The J.F. Shea Co. on Wednesday agreed to pay a $3.25-million settlement to 39 of 141 families living near the McColl toxic waste dump who have claimed in lawsuits that they should have been warned about the landfill and its hazards.
Shea's settlement, the largest single one to date in the case, brings the total settlement amount, to be paid by 11 defendants, to $8.75 million, said Jeffrey A. Matz, one of four attorneys representing plaintiff families.
The agreement must still be approved by Orange County Superior Court Judge Jerrold S. Oliver, as must last week's $2.5-million settlement by the City of Fullerton with all 141 families. If both are approved, it would effectively mean the end of nearly five years of litigation for the 39 families in the Fullerton Crest tract built by Shea, Matz said.
"I'm delighted for my clients because I think this will provide a huge relief for them," Matz said. "It means that soon they can go about their business, move out of the neighborhood and forget about McColl."
The Shea settlement works out to $83,333 per family in the Fullerton Crest cases.
Matz estimated that when the $8.75 million is apportioned, each of the 39 Fullerton Crest families would "end up with a gross recovery of $115,000 to $120,000 per family."
He has said previously that he expects all families to recover "at least $30,000 to $40,000" in damages. With additional settlements from the remaining defendants, the amount could be higher.
Alan Beardsley, an attorney representing the Walnut-based development company confirmed the amount of the settlement but would not comment further.
"Shea has requested that its attorneys not comment on the matter to the press," Beardsley explained Wednesday. "But a settlement certainly would not be admission of guilt on Shea's part."
A Shea company attorney, David P. Yaffe of Universal City, did not return telephone calls.
Shea's settlement leaves two defendants and 102 families as plaintiffs in the complex legal case whose trial was expected to take up to two years.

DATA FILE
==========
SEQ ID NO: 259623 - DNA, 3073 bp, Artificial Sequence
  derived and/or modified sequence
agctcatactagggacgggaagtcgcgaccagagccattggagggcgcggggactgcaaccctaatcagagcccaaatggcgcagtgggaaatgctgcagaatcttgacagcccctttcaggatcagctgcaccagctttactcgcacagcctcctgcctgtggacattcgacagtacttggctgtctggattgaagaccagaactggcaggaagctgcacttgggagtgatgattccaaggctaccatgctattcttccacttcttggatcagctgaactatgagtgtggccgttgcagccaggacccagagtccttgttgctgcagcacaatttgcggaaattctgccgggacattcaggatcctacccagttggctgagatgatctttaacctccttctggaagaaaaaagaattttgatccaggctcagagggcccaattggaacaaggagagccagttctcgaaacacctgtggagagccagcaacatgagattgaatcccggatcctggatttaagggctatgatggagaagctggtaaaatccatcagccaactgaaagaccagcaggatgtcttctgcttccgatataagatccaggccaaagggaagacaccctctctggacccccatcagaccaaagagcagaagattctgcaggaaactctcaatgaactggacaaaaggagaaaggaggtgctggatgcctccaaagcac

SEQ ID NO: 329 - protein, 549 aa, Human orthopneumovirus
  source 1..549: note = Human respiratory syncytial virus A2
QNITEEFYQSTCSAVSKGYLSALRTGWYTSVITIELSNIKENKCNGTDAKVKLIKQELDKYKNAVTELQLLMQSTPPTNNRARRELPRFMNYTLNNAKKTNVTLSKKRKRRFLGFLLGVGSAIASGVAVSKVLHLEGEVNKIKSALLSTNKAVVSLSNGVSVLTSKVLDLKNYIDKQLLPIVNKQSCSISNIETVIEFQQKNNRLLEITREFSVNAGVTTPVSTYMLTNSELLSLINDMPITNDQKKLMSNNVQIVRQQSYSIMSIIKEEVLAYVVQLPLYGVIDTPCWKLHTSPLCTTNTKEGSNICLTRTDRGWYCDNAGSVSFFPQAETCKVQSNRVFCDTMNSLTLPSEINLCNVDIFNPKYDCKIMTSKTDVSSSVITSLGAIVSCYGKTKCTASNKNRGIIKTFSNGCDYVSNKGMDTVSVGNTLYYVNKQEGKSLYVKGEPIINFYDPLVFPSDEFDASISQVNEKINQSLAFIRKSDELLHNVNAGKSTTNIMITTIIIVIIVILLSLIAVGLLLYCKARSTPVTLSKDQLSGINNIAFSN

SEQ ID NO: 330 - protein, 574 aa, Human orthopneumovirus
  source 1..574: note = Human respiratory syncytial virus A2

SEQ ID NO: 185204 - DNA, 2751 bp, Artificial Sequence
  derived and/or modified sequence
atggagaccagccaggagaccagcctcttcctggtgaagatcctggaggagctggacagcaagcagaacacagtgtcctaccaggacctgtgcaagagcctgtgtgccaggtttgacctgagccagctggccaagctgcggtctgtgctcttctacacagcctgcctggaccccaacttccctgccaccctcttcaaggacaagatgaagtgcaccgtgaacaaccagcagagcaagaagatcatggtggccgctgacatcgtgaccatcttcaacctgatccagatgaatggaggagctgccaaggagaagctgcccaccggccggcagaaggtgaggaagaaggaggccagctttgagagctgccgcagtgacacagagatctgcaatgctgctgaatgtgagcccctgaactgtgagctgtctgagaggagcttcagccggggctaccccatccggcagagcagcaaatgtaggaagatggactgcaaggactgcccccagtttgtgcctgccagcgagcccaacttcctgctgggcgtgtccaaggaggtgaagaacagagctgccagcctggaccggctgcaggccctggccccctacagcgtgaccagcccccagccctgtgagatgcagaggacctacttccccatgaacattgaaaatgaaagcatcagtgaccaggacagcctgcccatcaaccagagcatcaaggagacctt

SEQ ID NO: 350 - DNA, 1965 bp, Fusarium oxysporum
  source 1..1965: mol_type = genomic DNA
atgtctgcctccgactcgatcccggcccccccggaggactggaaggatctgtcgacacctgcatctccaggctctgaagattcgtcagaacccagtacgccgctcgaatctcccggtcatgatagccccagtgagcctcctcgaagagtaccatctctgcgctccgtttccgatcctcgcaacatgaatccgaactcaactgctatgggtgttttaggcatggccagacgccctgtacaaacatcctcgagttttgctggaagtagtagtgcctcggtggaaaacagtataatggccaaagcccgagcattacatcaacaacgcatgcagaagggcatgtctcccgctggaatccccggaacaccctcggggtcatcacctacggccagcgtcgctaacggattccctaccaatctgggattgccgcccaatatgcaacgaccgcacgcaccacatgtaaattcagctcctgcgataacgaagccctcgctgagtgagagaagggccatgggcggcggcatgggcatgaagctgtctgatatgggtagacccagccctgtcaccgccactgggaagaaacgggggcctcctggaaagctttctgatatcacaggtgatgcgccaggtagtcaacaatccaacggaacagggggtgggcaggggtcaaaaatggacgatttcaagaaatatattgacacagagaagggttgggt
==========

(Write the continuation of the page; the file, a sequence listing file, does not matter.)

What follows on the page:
One defendant is the William Lyon Co., developer of the Island and Meadows tracts to the southwest and northeast of the abandoned dump. The second is the Fullerton Hills Development Co., a joint venture formed by Lyon and the Chevron Land and Development Co. to build the Meadows development. Matz said settlement negotiations are continuing with attorneys for both. A trial that initially involved most of the defendants was scheduled to begin March 10 but has been delayed pending appeals on court rulings.
Many sources knowledgeable about the case say the Lyon Co. is not inclined to settle. But others say the prospect of facing a jury in a protracted trial over a toxic waste site may push the company to cut its losses.
Lyon attorneys also have challenged many of the previous settlements on the grounds that the amounts did not correspond with each defendant's share of liability. The California Supreme Court has upheld some of the settlements, including one for $1.4 million agreed to by seven oil companies that deposited refinery waste at the dump during the 1940s.
The dump was created during World War II, when oil companies producing high-octane aviation fuel deposited refinery wastes in 12 sumps on land leased by oil industry consultant Eli McColl. Oil-drilling muds were added later to six of the sumps, which McColl later purchased.
The dump is now beneath a vacant field and part of a golf course on the Los Coyotes Country Club. It is bordered on three sides by expensive homes in northwest Fullerton.
State health officials have determined that the refinery sludge contains sulfuric acid, benzene and arsenic, all highly toxic. Before a canvas covering and layers of earth were placed over the sumps, nearby residents complained that the sulfur dioxide fumes caused headaches, nausea and respiratory problems, mainly during the summer months.
After years of lobbying and studies, a $26.5-million federal Superfund cleanup project was set to remove the foul-smelling sludge and contaminated dirt to a disposal site in Kern County. But cleanup plans were stalled last May 31, when a Superior Court judge ordered a state environmental impact study. The study, now under way, is expected to take at least 12 months to complete.
Not all families are involved in all settlements, but all families are expected to share in about $4.5 million of the $8.75-million total, Matz said Wednesday.
All families have agreed to let retired Judge Joseph Wapner, who appears on television on "People's Court," decide how the settlement amount should be divided among the residents. Wapner's plan must be submitted to Oliver for approval.
Matz said he hopes the plaintiffs will receive some money within 45 days.
"We're trying to beat income tax day so our clients can do things like put money into Individual Retirement Accounts and things like that before the deadline," Matz said. "But I'm not sure we're going to make it."